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Please use this identifier to cite or link to this item: http://hdl.handle.net/1807/32856

Title: Analysis of Telomere Healing of DNA Double-strand Breaks
Authors: Zhang, Wei
Advisor: Durocher, Daniel
Department: Molecular and Medical Genetics
Keywords: yeast
DNA repair
Issue Date: 31-Aug-2012
Abstract: DNA double-strand breaks (DSBs) are a threat to cell survival and genome integrity. In addition to canonical DNA repair systems, DSBs can be converted to telomeres by telomerase. This process, herein termed telomere healing, endangers genome stability since it usually results in chromosome arm loss. Therefore, cells possess mechanisms that prevent the untimely action of telomerase on DSBs. In this work, I reported the completion of a transposon mutagenesis screen in budding yeast and the identification of five novel genes (RRD1, CIK1, CTF18, RTS1, and IRC6) critical for telomere healing. The characterization of Rrd1 led to the surprising finding that Rrd1 facilitates telomere healing at DSBs with little or no TG-rich sequences but not at DSBs with long tracts of telomeric sequences. Pph3, a PP4 phosphatase, acts in conjunction with Rrd1 to promote telomere healing. Conversely, Mec1, the ATR ortholog, phosphorylates Cdc13 on its S306 residue to suppress its accumulation at DSBs. Rrd1 and Pph3 oppose Cdc13 S306 phosphorylation and are necessary for the efficient accumulation of Cdc13 at DSBs. Next, I found that Cik1 and its kinesin partner Kar3 are both important for telomere healing. Importantly, Kar3 contributes to telomere healing through its motor function. In contrast to Rrd1, Kar3 contributes to telomere healing regardless of telomeric sequence lengths adjacent to the break. Finally, Cik1 and Kar3 have a general role in DNA repair and physically associate with DSBs, which is dependent on the process of anchoring DSBs to nuclear periphery. In conclusion, I identified a mechanism by which the ATR family of kinases enforces genome integrity, a phosphoregulatory loop that underscores the contribution of Cdc13 to the fate of DNA ends, and a kinesin complex critical for the spatial organization of DNA repair.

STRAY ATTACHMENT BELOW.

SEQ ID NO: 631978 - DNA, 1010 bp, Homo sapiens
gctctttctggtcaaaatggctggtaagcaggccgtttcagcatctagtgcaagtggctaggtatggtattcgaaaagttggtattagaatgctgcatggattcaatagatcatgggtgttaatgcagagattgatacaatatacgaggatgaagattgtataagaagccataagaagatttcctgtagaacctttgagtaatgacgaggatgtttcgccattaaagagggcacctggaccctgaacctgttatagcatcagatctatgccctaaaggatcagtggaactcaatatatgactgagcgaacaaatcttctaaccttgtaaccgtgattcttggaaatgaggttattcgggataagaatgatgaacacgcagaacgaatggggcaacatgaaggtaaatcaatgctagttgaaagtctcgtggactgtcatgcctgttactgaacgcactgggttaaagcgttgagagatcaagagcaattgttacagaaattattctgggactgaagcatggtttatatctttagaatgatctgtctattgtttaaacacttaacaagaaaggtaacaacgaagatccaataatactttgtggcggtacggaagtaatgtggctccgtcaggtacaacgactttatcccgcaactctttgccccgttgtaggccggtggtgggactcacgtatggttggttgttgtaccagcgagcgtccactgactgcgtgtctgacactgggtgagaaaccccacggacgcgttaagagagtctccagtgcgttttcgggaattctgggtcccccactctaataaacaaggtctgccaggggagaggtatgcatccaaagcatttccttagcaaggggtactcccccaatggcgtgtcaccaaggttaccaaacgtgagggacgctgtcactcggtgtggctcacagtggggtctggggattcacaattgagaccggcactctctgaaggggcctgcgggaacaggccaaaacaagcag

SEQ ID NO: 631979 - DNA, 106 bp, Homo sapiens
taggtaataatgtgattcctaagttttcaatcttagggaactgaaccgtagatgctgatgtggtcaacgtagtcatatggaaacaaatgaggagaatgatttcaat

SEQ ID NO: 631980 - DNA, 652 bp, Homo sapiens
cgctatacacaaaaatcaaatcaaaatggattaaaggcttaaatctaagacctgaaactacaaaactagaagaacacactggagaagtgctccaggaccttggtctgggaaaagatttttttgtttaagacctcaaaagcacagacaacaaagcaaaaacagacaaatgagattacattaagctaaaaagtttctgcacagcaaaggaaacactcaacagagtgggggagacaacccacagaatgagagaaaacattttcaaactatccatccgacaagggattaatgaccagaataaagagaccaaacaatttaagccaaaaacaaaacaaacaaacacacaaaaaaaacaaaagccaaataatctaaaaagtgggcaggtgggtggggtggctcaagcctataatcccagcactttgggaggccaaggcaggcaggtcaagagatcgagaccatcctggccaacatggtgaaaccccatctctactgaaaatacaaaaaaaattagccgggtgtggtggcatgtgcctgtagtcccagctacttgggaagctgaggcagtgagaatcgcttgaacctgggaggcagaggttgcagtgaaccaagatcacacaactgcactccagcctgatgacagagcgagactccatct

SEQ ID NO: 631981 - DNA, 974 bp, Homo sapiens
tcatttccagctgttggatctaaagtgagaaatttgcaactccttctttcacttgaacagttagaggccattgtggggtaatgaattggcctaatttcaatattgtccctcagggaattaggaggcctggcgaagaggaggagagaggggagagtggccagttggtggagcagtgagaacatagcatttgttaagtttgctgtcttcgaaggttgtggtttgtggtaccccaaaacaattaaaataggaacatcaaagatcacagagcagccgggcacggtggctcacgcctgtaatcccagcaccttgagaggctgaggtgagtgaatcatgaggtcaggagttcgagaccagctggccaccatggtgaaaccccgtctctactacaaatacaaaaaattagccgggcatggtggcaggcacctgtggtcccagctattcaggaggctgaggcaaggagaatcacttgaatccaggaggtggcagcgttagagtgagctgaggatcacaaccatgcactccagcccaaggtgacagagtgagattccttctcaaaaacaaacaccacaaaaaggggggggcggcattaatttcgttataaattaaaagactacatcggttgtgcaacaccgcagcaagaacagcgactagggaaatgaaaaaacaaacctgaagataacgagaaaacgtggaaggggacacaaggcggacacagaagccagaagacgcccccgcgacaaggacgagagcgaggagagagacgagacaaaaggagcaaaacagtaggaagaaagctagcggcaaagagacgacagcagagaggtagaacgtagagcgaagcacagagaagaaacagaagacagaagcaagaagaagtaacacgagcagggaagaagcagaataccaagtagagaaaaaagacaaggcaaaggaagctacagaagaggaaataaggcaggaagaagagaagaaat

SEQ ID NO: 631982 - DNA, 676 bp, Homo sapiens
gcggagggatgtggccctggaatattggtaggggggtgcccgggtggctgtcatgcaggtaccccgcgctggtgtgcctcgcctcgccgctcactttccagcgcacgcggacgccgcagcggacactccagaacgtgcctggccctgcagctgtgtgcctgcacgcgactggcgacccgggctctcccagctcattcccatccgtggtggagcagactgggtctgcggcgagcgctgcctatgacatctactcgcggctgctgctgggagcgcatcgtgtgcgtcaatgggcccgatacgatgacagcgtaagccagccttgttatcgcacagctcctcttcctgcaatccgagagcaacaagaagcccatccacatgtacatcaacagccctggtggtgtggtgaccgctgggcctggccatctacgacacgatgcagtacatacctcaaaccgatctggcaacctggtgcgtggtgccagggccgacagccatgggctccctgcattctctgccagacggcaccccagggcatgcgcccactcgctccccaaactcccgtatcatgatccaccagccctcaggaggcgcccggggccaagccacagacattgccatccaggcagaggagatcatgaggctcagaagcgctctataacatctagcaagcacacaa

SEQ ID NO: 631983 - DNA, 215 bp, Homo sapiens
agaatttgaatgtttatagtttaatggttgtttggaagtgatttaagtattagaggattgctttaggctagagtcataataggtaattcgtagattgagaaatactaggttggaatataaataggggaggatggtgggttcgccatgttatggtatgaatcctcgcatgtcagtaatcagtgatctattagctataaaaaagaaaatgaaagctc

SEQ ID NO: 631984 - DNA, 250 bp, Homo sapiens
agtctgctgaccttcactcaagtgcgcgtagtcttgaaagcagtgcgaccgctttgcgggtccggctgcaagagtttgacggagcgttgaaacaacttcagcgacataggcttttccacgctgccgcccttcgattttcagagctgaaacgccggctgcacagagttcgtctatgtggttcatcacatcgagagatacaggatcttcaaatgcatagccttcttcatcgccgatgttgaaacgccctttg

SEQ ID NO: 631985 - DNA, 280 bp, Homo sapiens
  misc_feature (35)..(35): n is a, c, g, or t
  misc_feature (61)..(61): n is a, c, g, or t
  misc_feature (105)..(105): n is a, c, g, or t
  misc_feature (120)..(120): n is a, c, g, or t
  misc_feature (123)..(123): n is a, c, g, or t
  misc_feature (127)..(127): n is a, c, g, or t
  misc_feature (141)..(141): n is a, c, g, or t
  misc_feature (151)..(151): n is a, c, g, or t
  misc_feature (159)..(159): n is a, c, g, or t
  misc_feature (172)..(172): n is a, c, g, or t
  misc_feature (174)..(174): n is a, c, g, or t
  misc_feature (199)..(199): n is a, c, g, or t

URI: http://hdl.handle.net/1807/32856
Appears in Collections:Doctoral

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